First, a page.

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Winter Sports: Get In Shape Now To Avoid Injury

Avoid Injury This Winter

Ski season is just around the corner in Southern California, as the weather gets colder and the mountains begin to get snowfall. Before you hit the slopes this year, be sure that your body is prepared to avoid injury. “Skiing and snowboarding are just like any other sport–they require training”, notes Dr. Alan Beyer, a sports medicine specialist at Newport Orthopedic Institute. “These winter sports utilize the entire body, not just the legs. Having a strong core, primarily the abdomen and back, is important because it provides stability. The core maintains a base of support while the arms and legs move. Strength training, flexibility and cardiovascular conditioning also help you to avoid injury and maximize your performance.”

Preparation training for skiing and snowboarding should cover three areas: core (trunk) strength, specific muscle strength, flexibility, and cardiovascular conditioning. A few exercises are included here to get you going, but you might want to be efficient and try enrolling in a well-integrated exercise and movement program, such as Pilates, that can address most of these areas efficiently at one time.

Core Strength:

1. Lie on your back with knees bent and feet on the floor. Perform crunches (2 sets of 15 repetitions), but keep your pelvis stationary allowing only the upper body to move (the movement is small).

2. Lift the chest (again keeping the pelvis stationary) and twist your upper body to the right (think of pulling your shoulder toward the opposite knee – the movement is small again). Return to the center maintaining chest elevation, then repeat to the left. Try to do 2 sets of 15 repetitions.

3. Lying on your back, bring your legs up so that the knees and hips are both at 90° angles. Keep the knees squeezed together. Rotate the legs to the right, and then use the opposite side of your abdominals to pull the legs back to center. Repeat to the left. Try to do 2 sets of 15 repetitions of this exercise, as well.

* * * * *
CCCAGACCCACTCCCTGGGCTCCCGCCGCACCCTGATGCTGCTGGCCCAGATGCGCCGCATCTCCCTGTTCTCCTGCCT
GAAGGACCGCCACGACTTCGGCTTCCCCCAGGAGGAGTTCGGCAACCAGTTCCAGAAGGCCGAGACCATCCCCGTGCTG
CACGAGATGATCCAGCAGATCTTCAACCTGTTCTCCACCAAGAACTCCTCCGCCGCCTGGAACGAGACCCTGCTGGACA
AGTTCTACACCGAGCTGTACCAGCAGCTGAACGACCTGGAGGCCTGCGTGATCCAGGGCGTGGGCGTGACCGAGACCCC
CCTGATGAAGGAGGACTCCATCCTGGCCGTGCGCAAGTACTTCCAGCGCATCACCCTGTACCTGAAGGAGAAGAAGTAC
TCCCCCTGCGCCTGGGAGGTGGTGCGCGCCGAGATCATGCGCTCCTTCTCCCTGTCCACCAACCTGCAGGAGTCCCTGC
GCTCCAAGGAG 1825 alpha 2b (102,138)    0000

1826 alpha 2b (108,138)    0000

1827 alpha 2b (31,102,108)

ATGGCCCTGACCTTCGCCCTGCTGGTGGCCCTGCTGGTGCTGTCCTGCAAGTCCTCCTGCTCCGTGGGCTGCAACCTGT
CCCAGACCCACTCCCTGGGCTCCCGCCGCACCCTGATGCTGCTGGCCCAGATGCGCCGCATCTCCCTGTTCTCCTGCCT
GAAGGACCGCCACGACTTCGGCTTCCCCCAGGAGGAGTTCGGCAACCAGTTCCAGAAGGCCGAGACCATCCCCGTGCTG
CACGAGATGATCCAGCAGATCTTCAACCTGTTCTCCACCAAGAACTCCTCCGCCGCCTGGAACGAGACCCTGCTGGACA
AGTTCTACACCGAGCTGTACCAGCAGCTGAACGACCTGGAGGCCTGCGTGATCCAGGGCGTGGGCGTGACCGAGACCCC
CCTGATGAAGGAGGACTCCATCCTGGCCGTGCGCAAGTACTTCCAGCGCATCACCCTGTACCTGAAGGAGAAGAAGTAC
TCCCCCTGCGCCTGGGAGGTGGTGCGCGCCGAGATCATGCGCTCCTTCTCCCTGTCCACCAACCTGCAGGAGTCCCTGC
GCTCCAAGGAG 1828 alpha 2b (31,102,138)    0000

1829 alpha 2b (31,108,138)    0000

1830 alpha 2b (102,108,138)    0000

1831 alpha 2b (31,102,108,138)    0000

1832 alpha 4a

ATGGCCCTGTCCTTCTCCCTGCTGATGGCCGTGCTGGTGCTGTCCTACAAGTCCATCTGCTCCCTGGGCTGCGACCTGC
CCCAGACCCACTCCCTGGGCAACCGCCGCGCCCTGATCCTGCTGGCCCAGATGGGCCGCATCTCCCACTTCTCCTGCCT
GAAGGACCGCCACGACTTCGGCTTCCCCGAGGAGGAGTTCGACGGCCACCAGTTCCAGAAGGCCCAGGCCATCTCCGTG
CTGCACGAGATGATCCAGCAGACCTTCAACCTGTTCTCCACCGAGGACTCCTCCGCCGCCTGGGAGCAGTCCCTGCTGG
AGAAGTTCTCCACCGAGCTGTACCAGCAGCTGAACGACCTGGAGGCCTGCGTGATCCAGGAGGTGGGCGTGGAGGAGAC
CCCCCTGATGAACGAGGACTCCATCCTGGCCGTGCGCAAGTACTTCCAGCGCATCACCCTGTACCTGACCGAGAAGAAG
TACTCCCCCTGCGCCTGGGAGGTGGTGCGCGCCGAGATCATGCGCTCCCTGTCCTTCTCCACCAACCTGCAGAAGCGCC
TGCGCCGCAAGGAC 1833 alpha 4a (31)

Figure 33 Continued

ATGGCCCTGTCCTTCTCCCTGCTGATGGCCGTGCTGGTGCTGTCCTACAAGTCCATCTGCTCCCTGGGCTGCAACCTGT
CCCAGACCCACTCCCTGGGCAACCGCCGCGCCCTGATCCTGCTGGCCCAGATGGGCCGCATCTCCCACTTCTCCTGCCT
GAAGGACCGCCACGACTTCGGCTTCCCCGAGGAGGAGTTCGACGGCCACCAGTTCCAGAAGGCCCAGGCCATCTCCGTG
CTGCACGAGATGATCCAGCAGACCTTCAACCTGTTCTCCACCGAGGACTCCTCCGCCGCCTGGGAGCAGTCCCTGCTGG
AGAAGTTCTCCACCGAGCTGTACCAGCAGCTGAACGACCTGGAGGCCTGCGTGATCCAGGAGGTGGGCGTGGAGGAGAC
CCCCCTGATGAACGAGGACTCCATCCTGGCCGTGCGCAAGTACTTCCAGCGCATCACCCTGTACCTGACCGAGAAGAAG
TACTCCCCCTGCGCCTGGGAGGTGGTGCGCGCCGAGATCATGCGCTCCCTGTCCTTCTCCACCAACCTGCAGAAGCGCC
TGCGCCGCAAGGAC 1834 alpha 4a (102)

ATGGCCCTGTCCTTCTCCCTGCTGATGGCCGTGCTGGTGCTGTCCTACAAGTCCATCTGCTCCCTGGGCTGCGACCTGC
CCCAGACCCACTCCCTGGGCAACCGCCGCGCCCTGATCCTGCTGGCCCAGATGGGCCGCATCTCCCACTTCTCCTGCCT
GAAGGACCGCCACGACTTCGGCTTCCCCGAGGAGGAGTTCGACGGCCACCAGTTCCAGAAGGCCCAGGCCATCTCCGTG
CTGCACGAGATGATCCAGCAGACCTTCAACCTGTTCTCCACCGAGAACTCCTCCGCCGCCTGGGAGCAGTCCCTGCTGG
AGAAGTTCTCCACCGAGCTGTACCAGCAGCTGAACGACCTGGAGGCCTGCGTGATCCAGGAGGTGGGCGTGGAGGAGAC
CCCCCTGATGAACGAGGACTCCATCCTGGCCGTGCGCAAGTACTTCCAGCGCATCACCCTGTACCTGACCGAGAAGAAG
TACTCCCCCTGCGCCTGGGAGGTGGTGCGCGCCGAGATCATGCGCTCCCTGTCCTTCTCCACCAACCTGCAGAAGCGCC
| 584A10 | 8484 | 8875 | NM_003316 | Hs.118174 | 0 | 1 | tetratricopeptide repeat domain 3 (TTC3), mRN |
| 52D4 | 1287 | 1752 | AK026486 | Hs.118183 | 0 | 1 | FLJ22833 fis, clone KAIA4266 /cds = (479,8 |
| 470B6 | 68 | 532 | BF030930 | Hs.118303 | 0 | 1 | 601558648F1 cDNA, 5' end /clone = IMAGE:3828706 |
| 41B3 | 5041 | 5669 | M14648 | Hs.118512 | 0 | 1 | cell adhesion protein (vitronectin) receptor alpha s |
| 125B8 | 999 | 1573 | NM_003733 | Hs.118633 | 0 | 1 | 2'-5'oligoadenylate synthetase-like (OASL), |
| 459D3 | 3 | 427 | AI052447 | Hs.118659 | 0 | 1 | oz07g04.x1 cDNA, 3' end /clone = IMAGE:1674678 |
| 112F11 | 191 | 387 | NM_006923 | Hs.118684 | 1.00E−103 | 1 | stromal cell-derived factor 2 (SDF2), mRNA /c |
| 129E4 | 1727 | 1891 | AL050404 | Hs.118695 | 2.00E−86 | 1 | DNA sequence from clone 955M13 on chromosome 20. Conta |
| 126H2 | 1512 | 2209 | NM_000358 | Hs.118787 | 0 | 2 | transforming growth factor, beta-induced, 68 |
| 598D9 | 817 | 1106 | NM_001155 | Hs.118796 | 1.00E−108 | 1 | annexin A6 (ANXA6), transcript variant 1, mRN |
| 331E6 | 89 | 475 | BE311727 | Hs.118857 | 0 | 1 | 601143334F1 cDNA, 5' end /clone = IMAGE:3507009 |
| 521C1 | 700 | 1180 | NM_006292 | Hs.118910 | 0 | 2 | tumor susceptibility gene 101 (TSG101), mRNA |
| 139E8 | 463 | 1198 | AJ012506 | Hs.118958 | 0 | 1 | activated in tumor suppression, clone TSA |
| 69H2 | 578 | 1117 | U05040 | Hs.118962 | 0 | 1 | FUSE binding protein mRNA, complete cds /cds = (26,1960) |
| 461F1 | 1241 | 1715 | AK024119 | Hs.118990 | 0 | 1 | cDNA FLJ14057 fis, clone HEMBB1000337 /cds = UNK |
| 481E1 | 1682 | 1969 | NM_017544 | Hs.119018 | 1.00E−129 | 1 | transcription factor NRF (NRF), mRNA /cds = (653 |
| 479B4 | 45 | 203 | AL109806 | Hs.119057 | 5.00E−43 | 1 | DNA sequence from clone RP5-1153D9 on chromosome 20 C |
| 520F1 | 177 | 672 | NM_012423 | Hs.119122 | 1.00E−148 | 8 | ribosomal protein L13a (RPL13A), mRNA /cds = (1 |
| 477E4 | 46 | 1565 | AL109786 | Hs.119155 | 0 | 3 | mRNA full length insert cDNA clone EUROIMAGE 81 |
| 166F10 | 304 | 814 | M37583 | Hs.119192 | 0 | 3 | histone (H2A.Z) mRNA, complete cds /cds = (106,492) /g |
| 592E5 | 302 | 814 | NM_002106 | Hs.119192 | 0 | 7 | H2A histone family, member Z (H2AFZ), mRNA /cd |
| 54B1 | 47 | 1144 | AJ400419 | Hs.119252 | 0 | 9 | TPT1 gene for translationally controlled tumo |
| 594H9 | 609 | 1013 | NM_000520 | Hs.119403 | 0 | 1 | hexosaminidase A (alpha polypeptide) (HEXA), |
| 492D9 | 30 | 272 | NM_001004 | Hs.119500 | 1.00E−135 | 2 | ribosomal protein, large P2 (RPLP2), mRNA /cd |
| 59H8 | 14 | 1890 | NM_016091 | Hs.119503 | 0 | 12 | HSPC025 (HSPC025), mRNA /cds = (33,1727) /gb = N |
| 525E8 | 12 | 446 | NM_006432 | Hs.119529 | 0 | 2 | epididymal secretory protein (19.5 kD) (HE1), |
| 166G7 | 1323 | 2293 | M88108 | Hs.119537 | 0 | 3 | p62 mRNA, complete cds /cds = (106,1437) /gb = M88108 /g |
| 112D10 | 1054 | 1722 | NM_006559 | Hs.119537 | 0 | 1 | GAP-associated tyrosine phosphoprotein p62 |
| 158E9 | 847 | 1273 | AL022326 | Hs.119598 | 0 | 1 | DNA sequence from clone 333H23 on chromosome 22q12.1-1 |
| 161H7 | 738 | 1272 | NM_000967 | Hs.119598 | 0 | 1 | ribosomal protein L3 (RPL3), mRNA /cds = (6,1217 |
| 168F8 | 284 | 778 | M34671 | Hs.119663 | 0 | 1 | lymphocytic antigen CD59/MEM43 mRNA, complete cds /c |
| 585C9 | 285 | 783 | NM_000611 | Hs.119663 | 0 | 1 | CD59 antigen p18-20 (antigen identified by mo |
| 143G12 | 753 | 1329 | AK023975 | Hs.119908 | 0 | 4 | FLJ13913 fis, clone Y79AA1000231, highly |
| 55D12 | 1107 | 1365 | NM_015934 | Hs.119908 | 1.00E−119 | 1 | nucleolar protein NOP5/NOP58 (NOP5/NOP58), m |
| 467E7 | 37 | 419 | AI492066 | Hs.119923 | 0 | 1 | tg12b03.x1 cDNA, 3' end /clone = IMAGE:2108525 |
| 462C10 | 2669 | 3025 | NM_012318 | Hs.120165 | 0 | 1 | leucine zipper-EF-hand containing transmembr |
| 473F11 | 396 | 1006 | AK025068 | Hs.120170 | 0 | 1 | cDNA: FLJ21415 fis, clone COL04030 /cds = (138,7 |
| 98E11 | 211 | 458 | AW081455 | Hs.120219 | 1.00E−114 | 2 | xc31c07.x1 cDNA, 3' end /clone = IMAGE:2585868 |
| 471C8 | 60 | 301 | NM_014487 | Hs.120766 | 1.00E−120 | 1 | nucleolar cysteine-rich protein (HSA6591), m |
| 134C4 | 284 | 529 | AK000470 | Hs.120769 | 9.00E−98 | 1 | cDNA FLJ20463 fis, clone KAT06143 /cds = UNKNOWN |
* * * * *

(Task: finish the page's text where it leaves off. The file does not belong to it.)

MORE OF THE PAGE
Specific Strength:

1. Wall squats. Stand with your back against a wall with the feet out in front of you and bend the knees. Lower yourself, until the thighs are parallel to the floor, then return to standing position. Make sure the knees stay in line with your feet but don’t go forward beyond your toes.

2. Walking lunges. Take a large step forward with the right leg; lower your body straight down until the left knee is hovering off the floor and the right thigh is parallel to the floor. Push off from the left toes and step forward with the left leg; lower again. Make sure the knees don’t go forward over your toes or bounce on the floor on this exercise.

3. Calf Raises. Lift up on the ball of your foot, and then lower. Then progress to walking calf raises; take a step and lift onto the ball of your foot. You can hold weights in the hands on any of these exercises, as you get stronger. Try 2 sets of 15 reps on all of the above.


1. Hamstrings. Lie on your back with the towel around the ball of your right foot. Keep the knee straight and lift the right leg off the floor until a stretch is felt in the back of the leg/thigh. Then lower your leg out to the side until a stretch is felt on the inner thigh. Stretch and hold for a minimum of two 30-second intervals on each leg.

Cardiovascular Conditioning:

1. To feel better on the slopes and enhance your stamina, cardio conditioning is essential. You can practice your ski moves on the cross-country machines at the gym. The elliptical machines provide good work for the heart with less stress on the knee joints. Try to do at least 30 minutes, with the heart rate elevated, three times a week.

Investing time in prepping your body now will pay big dividends later on in terms of performance and injury prevention. Preparing your body for winter sports may not guarantee that you’ll be the hottest thing on the slopes this ski season, but it can help you enjoy more time on the slopes and decrease your risk to injury!